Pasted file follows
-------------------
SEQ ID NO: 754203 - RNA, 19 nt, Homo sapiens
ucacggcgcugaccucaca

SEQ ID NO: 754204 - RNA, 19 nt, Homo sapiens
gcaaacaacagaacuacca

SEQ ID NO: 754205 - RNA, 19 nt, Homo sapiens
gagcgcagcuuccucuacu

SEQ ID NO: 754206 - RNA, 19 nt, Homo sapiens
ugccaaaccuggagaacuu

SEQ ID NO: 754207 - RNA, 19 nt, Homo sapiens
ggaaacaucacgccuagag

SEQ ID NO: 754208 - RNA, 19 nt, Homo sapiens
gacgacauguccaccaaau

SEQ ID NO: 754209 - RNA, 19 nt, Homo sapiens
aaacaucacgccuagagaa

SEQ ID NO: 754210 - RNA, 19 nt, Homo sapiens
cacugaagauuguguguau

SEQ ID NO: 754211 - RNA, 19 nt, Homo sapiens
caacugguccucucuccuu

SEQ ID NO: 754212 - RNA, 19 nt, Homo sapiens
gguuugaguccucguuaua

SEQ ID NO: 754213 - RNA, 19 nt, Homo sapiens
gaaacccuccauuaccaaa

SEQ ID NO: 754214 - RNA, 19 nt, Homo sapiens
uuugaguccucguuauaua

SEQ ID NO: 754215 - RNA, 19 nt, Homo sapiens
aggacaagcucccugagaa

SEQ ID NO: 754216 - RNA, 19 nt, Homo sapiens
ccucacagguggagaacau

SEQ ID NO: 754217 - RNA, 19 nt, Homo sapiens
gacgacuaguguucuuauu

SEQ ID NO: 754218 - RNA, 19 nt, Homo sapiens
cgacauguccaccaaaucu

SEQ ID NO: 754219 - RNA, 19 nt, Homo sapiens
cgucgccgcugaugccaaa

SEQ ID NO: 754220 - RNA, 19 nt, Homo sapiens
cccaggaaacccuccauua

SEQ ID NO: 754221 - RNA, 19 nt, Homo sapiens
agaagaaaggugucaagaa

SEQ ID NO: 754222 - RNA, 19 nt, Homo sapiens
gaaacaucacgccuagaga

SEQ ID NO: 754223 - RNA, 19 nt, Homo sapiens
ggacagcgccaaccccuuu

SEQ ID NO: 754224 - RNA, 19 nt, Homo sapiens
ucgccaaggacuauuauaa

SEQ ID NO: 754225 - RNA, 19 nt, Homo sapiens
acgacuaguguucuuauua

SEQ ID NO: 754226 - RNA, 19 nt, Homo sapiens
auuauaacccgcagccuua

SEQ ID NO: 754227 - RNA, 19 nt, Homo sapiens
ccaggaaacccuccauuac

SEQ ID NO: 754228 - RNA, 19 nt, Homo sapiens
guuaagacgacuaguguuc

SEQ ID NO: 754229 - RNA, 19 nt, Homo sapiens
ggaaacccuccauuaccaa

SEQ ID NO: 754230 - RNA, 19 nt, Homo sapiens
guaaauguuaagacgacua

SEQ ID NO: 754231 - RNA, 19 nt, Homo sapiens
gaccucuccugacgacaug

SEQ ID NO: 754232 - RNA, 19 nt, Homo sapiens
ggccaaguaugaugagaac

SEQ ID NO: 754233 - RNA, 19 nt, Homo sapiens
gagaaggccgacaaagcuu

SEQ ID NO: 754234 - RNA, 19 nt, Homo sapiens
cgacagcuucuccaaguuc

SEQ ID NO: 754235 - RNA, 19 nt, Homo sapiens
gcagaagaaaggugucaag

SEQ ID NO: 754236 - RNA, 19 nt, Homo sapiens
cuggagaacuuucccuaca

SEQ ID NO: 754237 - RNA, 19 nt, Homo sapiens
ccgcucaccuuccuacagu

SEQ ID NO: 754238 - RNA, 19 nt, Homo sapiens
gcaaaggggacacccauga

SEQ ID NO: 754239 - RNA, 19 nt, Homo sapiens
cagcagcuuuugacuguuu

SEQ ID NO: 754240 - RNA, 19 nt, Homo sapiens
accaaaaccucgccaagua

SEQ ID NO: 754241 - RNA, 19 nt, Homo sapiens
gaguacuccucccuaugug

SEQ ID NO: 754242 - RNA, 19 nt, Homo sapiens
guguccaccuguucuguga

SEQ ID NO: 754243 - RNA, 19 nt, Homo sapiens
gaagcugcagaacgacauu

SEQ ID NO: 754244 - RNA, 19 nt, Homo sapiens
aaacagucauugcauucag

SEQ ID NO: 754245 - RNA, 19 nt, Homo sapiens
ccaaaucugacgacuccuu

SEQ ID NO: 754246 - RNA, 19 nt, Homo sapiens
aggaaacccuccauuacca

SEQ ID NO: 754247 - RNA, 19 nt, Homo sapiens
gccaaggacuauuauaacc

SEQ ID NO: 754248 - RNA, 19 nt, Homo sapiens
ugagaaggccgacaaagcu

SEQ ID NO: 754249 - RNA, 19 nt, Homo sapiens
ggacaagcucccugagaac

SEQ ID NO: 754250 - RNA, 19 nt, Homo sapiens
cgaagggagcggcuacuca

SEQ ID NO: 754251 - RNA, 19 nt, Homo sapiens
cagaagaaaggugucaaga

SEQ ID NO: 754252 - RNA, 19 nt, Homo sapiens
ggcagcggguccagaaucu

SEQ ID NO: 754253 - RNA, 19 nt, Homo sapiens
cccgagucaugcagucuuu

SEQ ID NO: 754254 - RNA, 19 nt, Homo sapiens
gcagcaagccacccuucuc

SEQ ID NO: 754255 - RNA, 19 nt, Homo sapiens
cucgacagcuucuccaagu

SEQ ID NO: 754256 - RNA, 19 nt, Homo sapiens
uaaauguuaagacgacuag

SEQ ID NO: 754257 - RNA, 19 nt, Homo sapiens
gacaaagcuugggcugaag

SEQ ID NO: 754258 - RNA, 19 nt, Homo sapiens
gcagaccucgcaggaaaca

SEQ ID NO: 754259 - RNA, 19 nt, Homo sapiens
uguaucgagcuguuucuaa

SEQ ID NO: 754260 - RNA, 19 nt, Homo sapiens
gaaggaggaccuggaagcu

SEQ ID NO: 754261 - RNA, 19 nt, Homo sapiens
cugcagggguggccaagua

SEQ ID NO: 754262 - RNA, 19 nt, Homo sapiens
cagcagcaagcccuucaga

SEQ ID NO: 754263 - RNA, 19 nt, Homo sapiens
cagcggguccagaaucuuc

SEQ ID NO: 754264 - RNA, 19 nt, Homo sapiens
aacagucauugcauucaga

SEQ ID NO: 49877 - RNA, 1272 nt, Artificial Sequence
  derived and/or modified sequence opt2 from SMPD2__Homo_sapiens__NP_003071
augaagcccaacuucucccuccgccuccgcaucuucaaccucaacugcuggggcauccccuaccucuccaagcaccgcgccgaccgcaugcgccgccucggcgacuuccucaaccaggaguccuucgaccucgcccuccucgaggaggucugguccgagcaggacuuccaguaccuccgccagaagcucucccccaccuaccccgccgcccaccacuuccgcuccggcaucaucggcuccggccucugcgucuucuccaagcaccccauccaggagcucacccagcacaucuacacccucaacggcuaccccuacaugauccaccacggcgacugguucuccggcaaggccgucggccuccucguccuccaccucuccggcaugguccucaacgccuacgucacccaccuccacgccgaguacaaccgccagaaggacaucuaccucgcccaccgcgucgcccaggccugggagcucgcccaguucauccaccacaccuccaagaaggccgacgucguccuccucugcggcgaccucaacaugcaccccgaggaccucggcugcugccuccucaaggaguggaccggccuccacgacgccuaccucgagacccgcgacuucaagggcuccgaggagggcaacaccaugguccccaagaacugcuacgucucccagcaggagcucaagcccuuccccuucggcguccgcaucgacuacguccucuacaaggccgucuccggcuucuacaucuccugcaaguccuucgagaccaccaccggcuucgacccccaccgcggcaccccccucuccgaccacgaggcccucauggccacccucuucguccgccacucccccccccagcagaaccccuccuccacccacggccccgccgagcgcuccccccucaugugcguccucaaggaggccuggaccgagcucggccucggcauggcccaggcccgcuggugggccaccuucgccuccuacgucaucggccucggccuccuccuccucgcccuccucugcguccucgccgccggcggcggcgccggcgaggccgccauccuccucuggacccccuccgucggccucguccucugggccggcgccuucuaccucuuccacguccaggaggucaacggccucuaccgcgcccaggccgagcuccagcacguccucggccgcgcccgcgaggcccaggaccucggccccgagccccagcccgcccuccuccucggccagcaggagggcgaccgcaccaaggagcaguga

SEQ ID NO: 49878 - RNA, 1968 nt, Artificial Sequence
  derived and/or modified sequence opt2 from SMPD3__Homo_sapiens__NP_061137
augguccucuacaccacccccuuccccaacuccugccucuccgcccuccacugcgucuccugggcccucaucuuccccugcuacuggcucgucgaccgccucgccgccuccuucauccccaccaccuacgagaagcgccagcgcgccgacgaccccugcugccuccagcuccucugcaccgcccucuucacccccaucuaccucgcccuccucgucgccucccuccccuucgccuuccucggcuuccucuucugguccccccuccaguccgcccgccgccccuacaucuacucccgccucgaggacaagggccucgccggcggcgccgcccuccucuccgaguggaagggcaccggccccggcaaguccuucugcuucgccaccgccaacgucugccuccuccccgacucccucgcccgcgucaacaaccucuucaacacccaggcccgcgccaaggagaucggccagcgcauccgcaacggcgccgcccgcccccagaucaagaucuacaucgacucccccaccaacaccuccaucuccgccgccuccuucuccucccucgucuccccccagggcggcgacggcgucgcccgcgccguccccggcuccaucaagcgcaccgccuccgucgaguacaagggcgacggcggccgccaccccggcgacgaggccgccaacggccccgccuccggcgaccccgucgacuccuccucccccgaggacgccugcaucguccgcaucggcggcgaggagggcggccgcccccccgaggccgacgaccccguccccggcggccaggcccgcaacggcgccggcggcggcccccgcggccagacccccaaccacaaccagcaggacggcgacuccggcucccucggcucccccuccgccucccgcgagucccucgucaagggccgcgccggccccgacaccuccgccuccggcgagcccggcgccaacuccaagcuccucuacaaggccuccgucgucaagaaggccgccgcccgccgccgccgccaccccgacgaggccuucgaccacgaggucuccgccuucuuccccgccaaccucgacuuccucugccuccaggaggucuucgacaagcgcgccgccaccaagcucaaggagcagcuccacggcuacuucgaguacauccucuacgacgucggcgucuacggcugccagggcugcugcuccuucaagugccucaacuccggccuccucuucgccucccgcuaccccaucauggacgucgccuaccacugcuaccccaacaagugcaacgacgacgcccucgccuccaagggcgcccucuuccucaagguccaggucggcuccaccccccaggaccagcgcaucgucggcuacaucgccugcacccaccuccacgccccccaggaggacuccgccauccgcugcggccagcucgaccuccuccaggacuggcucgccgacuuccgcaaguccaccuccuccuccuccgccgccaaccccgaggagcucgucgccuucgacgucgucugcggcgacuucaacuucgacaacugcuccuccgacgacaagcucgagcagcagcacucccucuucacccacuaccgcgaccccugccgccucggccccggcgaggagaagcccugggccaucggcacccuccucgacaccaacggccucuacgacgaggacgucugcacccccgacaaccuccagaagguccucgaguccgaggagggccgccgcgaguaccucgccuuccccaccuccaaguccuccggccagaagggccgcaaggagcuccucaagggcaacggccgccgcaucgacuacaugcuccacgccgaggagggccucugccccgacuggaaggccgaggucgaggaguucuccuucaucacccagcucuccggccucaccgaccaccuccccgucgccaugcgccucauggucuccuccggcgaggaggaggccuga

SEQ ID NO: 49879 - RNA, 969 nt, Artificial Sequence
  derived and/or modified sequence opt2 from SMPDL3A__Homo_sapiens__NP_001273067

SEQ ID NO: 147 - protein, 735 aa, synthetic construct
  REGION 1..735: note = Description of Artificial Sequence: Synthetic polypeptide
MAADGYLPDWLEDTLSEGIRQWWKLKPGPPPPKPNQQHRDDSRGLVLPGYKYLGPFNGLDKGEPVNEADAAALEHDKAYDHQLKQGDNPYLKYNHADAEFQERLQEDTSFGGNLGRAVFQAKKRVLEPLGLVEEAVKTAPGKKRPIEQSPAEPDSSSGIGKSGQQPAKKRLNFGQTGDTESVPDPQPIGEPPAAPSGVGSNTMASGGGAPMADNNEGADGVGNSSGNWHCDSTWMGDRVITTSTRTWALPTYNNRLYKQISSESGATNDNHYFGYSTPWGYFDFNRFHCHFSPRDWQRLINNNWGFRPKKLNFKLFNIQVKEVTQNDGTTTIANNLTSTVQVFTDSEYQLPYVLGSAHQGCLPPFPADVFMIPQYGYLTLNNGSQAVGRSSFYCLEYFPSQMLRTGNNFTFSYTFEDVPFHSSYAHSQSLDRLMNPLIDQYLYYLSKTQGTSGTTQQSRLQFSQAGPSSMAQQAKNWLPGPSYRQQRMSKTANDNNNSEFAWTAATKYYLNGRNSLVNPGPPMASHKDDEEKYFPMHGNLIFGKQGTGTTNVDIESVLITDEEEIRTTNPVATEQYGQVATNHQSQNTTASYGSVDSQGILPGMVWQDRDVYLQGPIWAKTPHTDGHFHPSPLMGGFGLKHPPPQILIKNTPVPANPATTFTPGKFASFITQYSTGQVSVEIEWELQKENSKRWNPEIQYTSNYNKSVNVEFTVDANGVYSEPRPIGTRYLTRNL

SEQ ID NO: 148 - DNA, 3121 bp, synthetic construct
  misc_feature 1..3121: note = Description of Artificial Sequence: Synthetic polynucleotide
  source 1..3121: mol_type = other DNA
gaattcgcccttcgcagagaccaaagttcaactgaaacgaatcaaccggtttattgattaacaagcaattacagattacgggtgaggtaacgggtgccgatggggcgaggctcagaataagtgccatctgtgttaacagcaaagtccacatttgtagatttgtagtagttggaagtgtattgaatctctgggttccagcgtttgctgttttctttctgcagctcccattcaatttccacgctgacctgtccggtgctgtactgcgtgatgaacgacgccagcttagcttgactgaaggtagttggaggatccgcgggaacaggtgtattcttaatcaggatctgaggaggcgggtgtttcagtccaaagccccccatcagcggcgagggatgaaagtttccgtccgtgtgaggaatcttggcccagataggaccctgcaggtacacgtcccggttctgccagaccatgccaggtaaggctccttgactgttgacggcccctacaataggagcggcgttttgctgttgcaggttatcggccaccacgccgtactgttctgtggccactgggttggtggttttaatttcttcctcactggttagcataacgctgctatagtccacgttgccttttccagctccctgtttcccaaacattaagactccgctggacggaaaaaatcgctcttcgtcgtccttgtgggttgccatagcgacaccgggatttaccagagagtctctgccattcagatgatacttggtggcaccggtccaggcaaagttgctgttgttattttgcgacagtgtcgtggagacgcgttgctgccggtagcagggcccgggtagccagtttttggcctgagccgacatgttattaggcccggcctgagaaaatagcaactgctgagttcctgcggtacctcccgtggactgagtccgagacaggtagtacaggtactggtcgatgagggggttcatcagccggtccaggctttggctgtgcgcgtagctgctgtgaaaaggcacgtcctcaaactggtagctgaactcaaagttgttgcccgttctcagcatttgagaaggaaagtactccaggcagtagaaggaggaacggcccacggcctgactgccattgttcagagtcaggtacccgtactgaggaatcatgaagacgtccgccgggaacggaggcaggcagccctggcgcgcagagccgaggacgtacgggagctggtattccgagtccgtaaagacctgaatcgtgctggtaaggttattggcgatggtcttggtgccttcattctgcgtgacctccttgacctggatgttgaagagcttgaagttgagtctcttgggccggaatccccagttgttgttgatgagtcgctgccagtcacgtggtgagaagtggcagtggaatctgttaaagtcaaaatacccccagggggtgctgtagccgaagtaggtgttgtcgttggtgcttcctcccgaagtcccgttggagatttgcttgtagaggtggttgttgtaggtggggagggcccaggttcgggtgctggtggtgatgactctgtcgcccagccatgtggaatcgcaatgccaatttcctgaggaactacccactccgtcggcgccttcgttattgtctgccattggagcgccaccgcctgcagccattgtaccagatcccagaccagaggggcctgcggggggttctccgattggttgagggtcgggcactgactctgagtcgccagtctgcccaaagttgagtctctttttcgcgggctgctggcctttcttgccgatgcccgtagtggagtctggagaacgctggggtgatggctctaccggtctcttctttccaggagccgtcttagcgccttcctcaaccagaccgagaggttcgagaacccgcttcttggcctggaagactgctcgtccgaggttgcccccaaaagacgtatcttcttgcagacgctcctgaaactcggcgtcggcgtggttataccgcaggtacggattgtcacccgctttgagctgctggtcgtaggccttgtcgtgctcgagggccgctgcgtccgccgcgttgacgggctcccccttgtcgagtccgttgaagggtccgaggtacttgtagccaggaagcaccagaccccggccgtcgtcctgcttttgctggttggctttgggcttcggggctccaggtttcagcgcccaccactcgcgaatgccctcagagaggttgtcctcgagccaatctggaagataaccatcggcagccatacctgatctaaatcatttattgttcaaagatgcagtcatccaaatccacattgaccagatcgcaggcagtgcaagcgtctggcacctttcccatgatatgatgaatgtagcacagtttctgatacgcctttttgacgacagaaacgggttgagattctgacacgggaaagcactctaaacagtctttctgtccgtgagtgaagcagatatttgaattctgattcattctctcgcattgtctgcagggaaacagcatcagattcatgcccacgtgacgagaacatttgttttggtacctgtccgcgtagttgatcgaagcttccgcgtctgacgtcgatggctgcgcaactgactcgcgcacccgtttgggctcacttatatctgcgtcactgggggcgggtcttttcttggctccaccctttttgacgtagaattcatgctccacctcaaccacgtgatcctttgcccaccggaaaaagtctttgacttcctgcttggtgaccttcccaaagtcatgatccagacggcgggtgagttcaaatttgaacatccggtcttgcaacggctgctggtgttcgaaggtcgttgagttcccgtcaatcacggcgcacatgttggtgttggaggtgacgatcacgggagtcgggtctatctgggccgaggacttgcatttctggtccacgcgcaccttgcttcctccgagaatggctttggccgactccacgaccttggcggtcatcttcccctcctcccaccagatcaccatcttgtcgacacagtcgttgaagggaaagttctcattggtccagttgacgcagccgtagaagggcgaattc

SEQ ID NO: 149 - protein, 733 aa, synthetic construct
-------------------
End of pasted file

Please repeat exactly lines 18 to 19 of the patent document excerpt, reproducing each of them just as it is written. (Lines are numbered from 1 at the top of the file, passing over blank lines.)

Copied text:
caacugguccucucuccuu

SEQ ID NO: 754212 - RNA, 19 nt, Homo sapiens